Skip to Content, Navigation, or Footer.

Brown classes shift back to online due to rising COVID-19 cases

With the exception med school, all classes to go remote as campus returns to Level 1 activity

All undergraduate and graduate classes, with the exception of Warren Alpert Medical School classes, will resume online instruction effective Nov. 18, a week earlier than the scheduled end to in-person classes Nov. 25, according to an email this morning from President Christina Paxson P'19. 

This change comes as the University will return to Level 1 activity status tomorrow, requiring students, faculty and staff to follow stricter guidelines on socializing and mask wearing and some facilities will close, according to the email.

This announcement follows a recent surge in positive COVID-19 cases at state, national and global levels, as well as an increase of asymptomatic cases at Brown.

Over the past week, Rhode Island has averaged 845 new cases per day, which is a 91 percent increase from the average two weeks ago, according to the New York Times. The increase in statewide cases is the "primary" factor driving the decision to return to Level 1, Paxson wrote.

 In the last seven days, 32 people tested positive COVID-19 in the University’s asymptomatic testing program, with 106 positive results in the program since Aug. 24, The Herald previously reported. 

"Although infections rates at Brown are still quite low, and we have ample space for quarantine and isolation, these increases are nevertheless concerning," Paxson wrote.

Many of those testing positive at Brown have reported a large number of contacts, according to the announcement, indicating that students have been socializing in larger groups than current health guidelines permit. 

Level 1 status is also being re-enacted to make sure that students can protect their families and friends when some students leave Providence and return home for Thanksgiving.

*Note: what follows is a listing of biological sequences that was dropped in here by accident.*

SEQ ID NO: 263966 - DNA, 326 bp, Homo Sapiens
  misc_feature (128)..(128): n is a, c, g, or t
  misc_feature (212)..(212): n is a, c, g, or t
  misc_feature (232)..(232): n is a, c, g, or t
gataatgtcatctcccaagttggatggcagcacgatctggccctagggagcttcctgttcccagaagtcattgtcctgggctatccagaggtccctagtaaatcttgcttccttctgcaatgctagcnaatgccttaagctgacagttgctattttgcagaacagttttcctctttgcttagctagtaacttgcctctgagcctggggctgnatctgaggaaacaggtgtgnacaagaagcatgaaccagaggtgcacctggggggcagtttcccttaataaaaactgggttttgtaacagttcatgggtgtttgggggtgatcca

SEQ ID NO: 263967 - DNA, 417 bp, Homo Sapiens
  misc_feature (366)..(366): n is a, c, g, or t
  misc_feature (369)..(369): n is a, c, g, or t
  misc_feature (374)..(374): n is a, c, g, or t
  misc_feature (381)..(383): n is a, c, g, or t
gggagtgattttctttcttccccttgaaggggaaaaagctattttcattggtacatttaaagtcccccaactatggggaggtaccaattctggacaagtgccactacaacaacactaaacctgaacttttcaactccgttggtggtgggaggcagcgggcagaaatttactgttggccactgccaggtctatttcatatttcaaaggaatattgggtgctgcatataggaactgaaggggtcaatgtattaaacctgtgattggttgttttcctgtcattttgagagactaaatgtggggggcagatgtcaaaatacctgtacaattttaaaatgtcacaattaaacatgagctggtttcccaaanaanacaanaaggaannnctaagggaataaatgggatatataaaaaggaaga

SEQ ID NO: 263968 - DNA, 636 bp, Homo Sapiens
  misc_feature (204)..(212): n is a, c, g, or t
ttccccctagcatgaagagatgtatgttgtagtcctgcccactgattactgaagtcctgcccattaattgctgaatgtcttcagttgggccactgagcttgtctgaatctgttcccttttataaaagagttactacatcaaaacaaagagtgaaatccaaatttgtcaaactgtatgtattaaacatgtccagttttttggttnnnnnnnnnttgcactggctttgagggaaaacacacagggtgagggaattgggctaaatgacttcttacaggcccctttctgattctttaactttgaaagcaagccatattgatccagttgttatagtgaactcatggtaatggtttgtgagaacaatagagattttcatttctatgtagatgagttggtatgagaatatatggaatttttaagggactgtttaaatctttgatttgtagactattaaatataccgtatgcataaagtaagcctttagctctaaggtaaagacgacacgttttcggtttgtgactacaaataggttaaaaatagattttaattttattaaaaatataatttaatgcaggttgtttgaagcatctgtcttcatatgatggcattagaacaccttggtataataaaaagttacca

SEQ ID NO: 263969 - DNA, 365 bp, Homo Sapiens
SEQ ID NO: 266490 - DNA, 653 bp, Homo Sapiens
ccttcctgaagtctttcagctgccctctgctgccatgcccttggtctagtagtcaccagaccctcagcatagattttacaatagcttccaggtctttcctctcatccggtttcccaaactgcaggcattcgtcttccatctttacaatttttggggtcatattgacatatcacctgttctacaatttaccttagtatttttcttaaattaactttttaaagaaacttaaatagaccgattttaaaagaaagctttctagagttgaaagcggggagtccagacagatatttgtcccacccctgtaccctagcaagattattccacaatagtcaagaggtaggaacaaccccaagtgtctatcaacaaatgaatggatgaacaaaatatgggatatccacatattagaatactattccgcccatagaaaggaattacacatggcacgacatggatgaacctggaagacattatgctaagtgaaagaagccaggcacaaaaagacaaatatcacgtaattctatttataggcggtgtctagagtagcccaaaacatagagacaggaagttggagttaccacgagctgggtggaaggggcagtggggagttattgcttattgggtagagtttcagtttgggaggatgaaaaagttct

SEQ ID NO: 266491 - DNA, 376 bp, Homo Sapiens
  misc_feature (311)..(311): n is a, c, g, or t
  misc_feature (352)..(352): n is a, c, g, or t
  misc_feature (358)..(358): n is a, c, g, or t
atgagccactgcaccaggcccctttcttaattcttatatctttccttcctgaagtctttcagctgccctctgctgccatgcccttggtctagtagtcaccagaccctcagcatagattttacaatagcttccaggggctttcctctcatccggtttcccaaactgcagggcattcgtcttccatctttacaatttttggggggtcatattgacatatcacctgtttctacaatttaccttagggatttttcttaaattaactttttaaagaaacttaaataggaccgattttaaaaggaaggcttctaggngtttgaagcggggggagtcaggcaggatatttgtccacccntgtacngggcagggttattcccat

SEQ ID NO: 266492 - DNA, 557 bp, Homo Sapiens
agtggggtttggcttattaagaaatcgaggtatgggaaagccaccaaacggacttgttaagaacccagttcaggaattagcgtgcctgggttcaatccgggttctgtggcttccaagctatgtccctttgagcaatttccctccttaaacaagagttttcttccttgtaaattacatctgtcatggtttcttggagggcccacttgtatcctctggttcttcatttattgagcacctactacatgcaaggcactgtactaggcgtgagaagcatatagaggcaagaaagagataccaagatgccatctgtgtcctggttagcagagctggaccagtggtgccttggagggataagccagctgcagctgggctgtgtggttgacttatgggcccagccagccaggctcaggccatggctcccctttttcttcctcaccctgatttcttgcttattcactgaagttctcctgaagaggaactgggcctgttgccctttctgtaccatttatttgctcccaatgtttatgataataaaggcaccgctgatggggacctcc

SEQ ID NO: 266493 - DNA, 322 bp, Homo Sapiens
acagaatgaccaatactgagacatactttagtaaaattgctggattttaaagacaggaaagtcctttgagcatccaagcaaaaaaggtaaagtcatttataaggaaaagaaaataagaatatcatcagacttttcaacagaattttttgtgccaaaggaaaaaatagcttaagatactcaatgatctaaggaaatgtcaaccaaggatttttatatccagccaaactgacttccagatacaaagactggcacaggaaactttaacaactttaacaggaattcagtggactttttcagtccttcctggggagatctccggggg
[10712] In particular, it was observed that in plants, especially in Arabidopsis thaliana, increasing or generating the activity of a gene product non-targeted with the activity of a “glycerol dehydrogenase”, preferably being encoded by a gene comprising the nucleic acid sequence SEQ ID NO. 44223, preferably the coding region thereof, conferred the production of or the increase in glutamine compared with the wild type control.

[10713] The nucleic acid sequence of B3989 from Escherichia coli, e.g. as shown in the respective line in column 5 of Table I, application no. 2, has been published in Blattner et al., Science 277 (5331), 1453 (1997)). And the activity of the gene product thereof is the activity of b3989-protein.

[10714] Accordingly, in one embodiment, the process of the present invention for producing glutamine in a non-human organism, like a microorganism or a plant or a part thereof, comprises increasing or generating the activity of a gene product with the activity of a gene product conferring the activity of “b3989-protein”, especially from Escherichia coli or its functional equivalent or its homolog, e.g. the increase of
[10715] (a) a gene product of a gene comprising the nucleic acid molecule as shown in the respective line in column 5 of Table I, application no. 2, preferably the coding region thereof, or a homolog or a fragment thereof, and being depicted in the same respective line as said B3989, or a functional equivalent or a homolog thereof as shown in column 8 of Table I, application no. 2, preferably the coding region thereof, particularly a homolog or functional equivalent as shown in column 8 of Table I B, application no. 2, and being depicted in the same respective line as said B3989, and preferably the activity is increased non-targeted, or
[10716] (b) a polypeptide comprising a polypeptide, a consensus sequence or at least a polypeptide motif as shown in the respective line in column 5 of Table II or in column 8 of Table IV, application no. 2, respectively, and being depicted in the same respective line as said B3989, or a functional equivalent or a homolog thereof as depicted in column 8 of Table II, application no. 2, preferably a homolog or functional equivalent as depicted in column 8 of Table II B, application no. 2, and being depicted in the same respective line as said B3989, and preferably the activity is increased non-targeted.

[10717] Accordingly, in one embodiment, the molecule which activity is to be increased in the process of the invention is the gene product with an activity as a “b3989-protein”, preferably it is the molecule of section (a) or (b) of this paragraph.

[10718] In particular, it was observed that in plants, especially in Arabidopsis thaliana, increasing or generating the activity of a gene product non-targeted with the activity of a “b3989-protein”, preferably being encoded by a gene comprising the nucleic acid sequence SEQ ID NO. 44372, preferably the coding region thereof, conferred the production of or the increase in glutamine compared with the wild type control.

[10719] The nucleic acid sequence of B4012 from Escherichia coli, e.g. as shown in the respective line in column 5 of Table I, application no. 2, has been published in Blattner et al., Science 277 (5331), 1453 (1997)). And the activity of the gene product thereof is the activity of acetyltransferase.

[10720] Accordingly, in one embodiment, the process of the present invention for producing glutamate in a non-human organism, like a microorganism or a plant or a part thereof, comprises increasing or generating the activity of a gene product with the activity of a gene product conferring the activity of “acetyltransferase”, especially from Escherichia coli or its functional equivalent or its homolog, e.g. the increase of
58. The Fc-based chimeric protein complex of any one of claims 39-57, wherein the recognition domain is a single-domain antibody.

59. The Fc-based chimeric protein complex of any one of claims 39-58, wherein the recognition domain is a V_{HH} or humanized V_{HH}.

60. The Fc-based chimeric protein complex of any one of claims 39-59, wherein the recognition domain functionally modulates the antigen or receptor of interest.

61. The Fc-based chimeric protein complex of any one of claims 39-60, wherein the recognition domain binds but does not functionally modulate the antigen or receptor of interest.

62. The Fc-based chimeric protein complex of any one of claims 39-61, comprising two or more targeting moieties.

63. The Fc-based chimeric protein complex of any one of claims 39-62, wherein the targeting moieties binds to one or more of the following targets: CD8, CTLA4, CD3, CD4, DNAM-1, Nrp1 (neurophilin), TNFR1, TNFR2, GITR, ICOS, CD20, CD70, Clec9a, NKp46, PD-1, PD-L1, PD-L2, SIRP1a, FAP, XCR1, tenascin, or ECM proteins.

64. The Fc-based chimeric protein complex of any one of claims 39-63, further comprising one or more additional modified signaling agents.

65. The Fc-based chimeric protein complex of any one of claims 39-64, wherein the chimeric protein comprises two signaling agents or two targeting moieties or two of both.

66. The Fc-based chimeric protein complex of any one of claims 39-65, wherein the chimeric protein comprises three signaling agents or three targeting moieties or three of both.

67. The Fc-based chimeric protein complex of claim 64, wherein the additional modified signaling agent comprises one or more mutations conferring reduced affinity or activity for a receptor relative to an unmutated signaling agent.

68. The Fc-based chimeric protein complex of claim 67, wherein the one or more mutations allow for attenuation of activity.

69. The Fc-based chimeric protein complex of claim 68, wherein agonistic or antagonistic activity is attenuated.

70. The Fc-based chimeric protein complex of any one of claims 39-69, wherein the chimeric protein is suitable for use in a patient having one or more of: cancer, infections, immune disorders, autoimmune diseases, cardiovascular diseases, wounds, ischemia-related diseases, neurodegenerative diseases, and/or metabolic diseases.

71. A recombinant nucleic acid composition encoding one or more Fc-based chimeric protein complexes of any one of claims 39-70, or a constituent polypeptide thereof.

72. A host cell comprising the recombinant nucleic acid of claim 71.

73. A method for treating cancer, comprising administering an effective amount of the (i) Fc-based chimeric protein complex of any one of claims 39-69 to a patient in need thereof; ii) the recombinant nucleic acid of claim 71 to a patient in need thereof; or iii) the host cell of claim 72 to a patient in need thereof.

Medical School classes will remain in person until Thanksgiving break. While libraries will still be available to all students for in-person studying, this may change in the near future. Laboratories will continue operations, which includes undergraduate students that have received prior approval to work in labs.

In-person social gatherings and meetings are banned, and while students are permitted to interact with their pods of five or less without masks, socializing with students outside their pod without a mask and social distancing is not allowed. Students are still recommended to avoid non-essential travel within Providence, and are explicitly told not to dine in-person and visit bars.

Dining for undergraduates will return to grab-and-go status at the Sharpe Refectory, Verney-Woolley and Andrews Commons, with limited in-person dining options. University athletic and recreational facilities, such as outdoor fields, courts and the Nelson Fitness Center will also be closed. 

Brown had originally delayed the start of its in-person classes from early September to October, citing the public health situation and fears about the potential to spread COVID-19 among students and staff.

But when Brown did allow students to return to College Hill and while other schools were reversing in-person plans, the University’s positivity rate remained relatively low. 

Around the country, many universities have already returned to remote classes including Providence College, while others, including Harvard, decided to hold almost completely remote fall semesters. 

"I recognize that a vast number of our community members have done a superb job following public health guidance, and I understand we all are feeling levels of fatigue as the pandemic wears on, but every one of us shares the responsibility of taking the health protocols seriously," Paxson wrote.

This story is developing. Check back for updates.



Popular



Powered by SNworks Solutions by The State News
All Content © 2021 The Brown Daily Herald, Inc.